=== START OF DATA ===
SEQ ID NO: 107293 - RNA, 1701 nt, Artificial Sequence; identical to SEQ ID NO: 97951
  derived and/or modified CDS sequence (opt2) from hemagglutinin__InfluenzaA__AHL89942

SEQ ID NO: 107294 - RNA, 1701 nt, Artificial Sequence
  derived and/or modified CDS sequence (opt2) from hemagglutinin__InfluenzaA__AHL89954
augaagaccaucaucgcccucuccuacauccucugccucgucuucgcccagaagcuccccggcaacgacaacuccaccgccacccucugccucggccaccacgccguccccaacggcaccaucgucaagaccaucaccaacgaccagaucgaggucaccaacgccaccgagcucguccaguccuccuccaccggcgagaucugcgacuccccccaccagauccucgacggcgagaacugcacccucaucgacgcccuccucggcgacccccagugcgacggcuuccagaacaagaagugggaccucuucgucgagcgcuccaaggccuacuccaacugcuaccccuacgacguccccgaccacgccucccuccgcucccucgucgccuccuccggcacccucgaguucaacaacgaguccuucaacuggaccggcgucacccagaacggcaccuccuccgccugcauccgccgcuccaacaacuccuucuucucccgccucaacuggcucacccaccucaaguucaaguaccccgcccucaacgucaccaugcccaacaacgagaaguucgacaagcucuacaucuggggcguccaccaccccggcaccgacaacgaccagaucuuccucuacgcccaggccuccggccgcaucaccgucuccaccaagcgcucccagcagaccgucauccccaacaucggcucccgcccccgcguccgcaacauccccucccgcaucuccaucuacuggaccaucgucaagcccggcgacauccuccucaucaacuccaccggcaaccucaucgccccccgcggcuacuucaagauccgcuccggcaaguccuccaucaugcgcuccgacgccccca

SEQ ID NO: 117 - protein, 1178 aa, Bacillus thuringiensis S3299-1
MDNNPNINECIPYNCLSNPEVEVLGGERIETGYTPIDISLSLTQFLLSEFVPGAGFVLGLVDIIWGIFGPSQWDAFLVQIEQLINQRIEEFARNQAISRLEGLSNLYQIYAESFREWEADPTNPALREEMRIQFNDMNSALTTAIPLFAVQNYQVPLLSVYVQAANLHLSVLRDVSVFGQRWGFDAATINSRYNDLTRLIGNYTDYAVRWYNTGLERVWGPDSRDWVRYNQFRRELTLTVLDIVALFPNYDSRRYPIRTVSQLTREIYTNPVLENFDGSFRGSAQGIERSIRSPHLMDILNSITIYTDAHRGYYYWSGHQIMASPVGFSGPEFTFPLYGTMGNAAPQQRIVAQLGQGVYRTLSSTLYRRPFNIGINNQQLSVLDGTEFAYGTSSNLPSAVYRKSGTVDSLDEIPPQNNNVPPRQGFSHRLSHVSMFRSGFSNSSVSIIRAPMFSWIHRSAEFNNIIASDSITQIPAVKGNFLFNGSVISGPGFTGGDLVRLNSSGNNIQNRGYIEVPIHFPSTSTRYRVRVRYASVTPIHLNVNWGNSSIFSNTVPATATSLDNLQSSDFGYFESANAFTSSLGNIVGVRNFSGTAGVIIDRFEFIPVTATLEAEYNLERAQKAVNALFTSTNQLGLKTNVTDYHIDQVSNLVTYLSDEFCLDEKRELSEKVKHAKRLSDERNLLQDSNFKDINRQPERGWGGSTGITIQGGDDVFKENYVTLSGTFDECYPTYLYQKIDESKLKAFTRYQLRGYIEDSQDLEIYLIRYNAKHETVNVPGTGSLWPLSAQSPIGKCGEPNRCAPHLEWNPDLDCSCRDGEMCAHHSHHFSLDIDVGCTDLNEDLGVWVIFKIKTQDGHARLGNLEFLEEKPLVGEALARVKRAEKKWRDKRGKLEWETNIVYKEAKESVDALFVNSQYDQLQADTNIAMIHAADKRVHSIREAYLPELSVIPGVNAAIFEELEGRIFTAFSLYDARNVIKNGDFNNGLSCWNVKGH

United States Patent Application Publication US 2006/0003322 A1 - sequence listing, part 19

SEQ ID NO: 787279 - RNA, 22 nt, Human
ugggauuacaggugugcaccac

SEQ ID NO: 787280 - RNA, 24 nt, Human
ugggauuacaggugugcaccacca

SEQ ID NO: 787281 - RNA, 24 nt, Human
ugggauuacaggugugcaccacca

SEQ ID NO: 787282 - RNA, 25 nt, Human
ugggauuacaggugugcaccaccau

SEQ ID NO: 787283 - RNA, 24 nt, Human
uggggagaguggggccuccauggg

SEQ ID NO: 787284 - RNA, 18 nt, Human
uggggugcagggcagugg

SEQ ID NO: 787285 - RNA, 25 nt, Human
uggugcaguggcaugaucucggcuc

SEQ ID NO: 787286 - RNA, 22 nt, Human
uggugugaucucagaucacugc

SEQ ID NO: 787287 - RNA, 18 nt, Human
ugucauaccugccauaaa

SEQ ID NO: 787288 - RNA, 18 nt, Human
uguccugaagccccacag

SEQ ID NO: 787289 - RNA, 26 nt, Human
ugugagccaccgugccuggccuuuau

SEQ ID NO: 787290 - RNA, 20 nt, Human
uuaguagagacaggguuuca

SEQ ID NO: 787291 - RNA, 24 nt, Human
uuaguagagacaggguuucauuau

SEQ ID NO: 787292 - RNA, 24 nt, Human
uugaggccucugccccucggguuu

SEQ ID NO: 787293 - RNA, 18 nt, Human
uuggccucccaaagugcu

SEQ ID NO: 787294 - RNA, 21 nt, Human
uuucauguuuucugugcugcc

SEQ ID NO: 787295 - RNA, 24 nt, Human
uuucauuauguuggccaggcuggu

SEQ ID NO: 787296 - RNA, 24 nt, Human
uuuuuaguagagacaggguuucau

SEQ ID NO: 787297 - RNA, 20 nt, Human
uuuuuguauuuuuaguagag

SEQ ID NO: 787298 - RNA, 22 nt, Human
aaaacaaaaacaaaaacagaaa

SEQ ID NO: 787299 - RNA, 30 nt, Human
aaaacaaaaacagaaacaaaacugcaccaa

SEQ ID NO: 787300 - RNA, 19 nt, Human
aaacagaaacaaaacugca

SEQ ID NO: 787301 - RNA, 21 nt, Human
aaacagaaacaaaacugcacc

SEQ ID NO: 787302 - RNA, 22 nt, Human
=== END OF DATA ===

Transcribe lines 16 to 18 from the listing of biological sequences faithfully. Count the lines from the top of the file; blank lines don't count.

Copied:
ugggauuacaggugugcaccaccau

SEQ ID NO: 787283 - RNA, 24 nt, Human
uggggagaguggggccuccauggg